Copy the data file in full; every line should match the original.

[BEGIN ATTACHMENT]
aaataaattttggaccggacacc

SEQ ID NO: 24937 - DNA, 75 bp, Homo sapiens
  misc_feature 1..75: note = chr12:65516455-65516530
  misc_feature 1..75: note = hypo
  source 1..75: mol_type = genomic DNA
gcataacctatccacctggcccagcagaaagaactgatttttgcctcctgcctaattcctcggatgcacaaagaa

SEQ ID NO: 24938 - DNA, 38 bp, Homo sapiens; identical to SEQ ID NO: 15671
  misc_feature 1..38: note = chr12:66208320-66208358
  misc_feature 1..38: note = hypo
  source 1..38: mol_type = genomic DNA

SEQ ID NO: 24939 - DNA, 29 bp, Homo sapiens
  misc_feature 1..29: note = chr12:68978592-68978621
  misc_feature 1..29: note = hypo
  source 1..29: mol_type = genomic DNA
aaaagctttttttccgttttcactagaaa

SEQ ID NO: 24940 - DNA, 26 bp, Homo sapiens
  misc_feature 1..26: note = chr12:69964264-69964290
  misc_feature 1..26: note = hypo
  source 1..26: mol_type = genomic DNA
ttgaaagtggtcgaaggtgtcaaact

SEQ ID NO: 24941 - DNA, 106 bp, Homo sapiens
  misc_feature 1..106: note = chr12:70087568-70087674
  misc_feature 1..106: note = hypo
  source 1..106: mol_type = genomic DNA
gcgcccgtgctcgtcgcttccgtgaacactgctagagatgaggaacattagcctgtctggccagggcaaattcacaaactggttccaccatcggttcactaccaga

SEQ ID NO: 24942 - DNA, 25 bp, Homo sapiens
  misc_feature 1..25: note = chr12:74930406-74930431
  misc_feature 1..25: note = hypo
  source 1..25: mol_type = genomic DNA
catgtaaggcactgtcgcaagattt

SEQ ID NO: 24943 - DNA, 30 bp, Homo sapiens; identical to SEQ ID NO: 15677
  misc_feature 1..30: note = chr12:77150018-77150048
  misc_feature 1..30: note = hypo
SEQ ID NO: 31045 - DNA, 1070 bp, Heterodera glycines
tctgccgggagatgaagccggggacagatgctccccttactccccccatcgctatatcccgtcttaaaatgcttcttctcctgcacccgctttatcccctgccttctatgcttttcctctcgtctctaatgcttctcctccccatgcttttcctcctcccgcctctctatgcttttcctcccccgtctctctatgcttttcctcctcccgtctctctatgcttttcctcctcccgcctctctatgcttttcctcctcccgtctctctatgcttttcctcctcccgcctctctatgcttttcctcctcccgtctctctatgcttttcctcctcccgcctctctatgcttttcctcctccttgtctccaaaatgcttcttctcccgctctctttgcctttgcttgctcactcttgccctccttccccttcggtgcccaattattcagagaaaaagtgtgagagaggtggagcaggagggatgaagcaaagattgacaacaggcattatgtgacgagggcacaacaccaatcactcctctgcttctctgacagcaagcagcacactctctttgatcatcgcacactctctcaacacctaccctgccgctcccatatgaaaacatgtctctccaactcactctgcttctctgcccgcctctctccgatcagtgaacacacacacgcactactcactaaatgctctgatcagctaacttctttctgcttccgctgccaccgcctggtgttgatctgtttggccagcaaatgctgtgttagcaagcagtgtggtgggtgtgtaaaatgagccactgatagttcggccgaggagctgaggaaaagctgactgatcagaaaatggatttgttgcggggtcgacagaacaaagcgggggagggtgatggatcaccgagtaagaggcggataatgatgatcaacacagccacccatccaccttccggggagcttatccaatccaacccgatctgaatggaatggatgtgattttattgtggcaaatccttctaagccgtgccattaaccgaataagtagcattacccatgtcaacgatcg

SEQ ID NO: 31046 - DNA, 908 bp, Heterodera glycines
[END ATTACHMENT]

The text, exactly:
aaataaattttggaccggacacc

SEQ ID NO: 24937 - DNA, 75 bp, Homo sapiens
  misc_feature 1..75: note = chr12:65516455-65516530
  misc_feature 1..75: note = hypo
  source 1..75: mol_type = genomic DNA
gcataacctatccacctggcccagcagaaagaactgatttttgcctcctgcctaattcctcggatgcacaaagaa

SEQ ID NO: 24938 - DNA, 38 bp, Homo sapiens; identical to SEQ ID NO: 15671
  misc_feature 1..38: note = chr12:66208320-66208358
  misc_feature 1..38: note = hypo
  source 1..38: mol_type = genomic DNA

SEQ ID NO: 24939 - DNA, 29 bp, Homo sapiens
  misc_feature 1..29: note = chr12:68978592-68978621
  misc_feature 1..29: note = hypo
  source 1..29: mol_type = genomic DNA
aaaagctttttttccgttttcactagaaa

SEQ ID NO: 24940 - DNA, 26 bp, Homo sapiens
  misc_feature 1..26: note = chr12:69964264-69964290
  misc_feature 1..26: note = hypo
  source 1..26: mol_type = genomic DNA
ttgaaagtggtcgaaggtgtcaaact

SEQ ID NO: 24941 - DNA, 106 bp, Homo sapiens
  misc_feature 1..106: note = chr12:70087568-70087674
  misc_feature 1..106: note = hypo
  source 1..106: mol_type = genomic DNA
gcgcccgtgctcgtcgcttccgtgaacactgctagagatgaggaacattagcctgtctggccagggcaaattcacaaactggttccaccatcggttcactaccaga

SEQ ID NO: 24942 - DNA, 25 bp, Homo sapiens
  misc_feature 1..25: note = chr12:74930406-74930431
  misc_feature 1..25: note = hypo
  source 1..25: mol_type = genomic DNA
catgtaaggcactgtcgcaagattt

SEQ ID NO: 24943 - DNA, 30 bp, Homo sapiens; identical to SEQ ID NO: 15677
  misc_feature 1..30: note = chr12:77150018-77150048
  misc_feature 1..30: note = hypo
SEQ ID NO: 31045 - DNA, 1070 bp, Heterodera glycines
tctgccgggagatgaagccggggacagatgctccccttactccccccatcgctatatcccgtcttaaaatgcttcttctcctgcacccgctttatcccctgccttctatgcttttcctctcgtctctaatgcttctcctccccatgcttttcctcctcccgcctctctatgcttttcctcccccgtctctctatgcttttcctcctcccgtctctctatgcttttcctcctcccgcctctctatgcttttcctcctcccgtctctctatgcttttcctcctcccgcctctctatgcttttcctcctcccgtctctctatgcttttcctcctcccgcctctctatgcttttcctcctccttgtctccaaaatgcttcttctcccgctctctttgcctttgcttgctcactcttgccctccttccccttcggtgcccaattattcagagaaaaagtgtgagagaggtggagcaggagggatgaagcaaagattgacaacaggcattatgtgacgagggcacaacaccaatcactcctctgcttctctgacagcaagcagcacactctctttgatcatcgcacactctctcaacacctaccctgccgctcccatatgaaaacatgtctctccaactcactctgcttctctgcccgcctctctccgatcagtgaacacacacacgcactactcactaaatgctctgatcagctaacttctttctgcttccgctgccaccgcctggtgttgatctgtttggccagcaaatgctgtgttagcaagcagtgtggtgggtgtgtaaaatgagccactgatagttcggccgaggagctgaggaaaagctgactgatcagaaaatggatttgttgcggggtcgacagaacaaagcgggggagggtgatggatcaccgagtaagaggcggataatgatgatcaacacagccacccatccaccttccggggagcttatccaatccaacccgatctgaatggaatggatgtgattttattgtggcaaatccttctaagccgtgccattaaccgaataagtagcattacccatgtcaacgatcg

SEQ ID NO: 31046 - DNA, 908 bp, Heterodera glycines